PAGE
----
Get your child vaccinated as soon as you can if he/she has not been vaccinated. The vaccine comes in a combination vaccine that includes measles, mumps and rubella (MMR). The first dose is given at one year of age and the second dose is generally given at four years of age.

How effective has the vaccine been?
The vaccine was licensed in 1963. Before the vaccine, there were about three to four million cases of Measles in the US every year. By 2004 there were only 37 cases per year. However, since then there has been a rise in cases (e.g. 644 in the US in 2014) and this is mainly in people that have not been vaccinated.

What can be done if someone is exposed to measles?
If the exposed person has not been vaccinated, the MMR vaccine may prevent the disease if given within 72 hours of exposure and the patient is at least six months of age. If the patient is under one year of age, he or she will still need to get two doses of the MMR vaccine after the age of one year. Injected immune globulin may prevent or lessen the severity of measles if given within six days of exposure. This is presently not available at SOCPA but can be obtained at the Public Health Department. Immune Globulin is recommended for children under 15 months of age who have not been immunized and have been exposed in the last six days. If the MMR vaccine is given, then no need to give the Immune Globulin.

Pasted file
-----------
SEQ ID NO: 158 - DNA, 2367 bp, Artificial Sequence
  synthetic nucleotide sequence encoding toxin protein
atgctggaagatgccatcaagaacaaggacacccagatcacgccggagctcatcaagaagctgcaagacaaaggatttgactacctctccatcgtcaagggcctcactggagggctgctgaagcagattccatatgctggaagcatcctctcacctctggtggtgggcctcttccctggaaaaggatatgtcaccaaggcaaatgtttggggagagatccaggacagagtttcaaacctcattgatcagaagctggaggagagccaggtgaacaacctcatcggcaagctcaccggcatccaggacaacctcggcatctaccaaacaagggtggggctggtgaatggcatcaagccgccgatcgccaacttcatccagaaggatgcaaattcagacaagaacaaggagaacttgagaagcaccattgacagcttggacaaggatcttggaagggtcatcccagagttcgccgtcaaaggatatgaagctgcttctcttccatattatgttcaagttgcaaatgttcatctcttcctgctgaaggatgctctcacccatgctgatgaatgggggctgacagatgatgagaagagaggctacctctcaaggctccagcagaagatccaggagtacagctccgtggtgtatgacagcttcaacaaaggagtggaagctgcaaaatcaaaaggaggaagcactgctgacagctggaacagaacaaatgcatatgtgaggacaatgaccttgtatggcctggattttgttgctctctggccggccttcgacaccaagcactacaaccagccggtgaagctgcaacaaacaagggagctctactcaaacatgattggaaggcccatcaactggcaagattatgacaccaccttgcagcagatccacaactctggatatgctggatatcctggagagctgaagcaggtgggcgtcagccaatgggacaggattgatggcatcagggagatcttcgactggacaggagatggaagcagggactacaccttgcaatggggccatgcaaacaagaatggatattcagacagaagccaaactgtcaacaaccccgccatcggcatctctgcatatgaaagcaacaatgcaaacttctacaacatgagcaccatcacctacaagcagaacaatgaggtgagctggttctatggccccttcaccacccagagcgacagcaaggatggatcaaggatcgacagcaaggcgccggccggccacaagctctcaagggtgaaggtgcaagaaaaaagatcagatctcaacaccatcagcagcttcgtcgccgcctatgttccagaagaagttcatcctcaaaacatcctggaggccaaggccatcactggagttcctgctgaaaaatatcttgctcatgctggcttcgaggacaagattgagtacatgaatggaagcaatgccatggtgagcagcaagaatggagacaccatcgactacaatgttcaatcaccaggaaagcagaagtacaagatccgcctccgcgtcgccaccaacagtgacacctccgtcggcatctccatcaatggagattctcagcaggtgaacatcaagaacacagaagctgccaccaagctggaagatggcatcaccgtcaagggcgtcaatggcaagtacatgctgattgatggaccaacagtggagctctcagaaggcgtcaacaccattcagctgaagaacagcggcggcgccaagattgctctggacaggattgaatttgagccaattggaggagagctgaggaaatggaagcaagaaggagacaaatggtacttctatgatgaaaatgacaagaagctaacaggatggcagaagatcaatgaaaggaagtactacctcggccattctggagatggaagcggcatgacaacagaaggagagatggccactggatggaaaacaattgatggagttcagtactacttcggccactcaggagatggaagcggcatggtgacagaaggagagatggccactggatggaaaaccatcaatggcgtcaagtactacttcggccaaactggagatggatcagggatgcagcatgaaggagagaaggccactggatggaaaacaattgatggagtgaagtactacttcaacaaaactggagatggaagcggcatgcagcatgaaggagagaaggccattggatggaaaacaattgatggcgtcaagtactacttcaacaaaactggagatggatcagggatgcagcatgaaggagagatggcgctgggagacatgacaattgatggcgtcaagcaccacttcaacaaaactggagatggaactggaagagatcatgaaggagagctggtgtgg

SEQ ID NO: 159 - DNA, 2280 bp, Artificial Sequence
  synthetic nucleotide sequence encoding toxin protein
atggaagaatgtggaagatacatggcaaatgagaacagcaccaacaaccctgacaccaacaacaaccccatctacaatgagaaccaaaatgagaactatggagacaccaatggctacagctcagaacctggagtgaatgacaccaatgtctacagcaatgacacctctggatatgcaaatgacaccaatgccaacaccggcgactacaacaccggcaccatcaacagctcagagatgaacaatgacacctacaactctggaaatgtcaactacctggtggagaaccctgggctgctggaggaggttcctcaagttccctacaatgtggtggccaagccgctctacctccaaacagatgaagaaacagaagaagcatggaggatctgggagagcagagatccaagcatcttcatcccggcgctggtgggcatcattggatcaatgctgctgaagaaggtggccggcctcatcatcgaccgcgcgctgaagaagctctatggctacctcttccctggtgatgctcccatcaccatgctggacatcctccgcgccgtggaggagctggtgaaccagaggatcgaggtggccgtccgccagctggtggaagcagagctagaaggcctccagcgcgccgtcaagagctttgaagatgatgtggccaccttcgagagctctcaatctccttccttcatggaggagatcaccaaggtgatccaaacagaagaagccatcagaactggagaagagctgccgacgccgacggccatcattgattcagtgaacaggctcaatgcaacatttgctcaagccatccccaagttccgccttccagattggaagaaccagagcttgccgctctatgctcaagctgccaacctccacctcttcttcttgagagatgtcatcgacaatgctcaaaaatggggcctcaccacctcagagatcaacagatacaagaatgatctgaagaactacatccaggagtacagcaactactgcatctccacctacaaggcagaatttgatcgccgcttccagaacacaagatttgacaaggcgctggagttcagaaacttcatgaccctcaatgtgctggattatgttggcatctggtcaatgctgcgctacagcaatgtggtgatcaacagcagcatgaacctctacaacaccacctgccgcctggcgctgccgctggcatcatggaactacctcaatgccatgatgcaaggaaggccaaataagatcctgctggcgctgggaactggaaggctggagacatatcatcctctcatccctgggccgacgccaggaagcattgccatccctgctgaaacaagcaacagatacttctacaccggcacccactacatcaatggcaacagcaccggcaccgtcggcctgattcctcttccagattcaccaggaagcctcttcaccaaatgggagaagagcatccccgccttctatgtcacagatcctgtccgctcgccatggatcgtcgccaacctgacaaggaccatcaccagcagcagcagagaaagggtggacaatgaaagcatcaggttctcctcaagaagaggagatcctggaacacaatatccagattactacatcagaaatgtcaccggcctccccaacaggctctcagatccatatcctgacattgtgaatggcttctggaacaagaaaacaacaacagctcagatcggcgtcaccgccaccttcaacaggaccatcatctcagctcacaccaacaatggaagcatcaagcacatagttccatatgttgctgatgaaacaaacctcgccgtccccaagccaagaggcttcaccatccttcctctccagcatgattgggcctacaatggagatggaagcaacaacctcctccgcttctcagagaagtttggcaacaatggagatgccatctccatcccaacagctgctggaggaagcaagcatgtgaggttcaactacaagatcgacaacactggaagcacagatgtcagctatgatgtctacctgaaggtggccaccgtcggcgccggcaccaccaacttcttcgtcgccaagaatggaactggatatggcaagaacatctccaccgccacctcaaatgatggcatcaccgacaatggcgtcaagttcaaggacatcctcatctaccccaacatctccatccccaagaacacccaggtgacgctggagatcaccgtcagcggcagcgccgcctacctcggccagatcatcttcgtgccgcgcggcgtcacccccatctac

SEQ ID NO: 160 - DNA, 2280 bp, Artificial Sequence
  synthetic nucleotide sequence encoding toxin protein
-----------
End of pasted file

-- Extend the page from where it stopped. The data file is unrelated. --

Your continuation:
It a patient has had at least one MMR vaccine, they can be considered immune. They can help ensure their immunity by getting their second MMR vaccine if it has been at least one month since the first dose.

What about home quarantine for an exposed person?
An exposed patient should be home quarantined starting seven days from when the exposure occurred through 21 days after the last exposure. This is to watch for symptoms.  If symptoms of measles do occur, the person should be isolated until four days after the rash has been present and the public health department will need to be contacted.

Treatment?
There is no treatment other than supportive care (nutrition, fever control, rest, hydration). Vitamin A once a day for two days has been shown to reduce the risk of death in children under two years of age.  As such, Vitamin A is recommended for all children with acute measles.

If you have questions or concerns about measles symptoms or your child’s vaccine history, please contact our office.  For additional sources of reference, please visit these links:

Orange County Public Health- Measles
Centers for Disease Control and Prevention

The contents of this web site are provided as an informational tool. This is not intended to replace medical advice or care administered by a healthcare professional. Common sense should always be used when referencing this site. If, at any time, you feel your child is experiencing a medical emergency, call 911 immediately.

By Terence Chu, MD

Terence Chu, M.D.

Dr. Chu has been with SOCPA since 2001 and provides care in our Lake Forest office.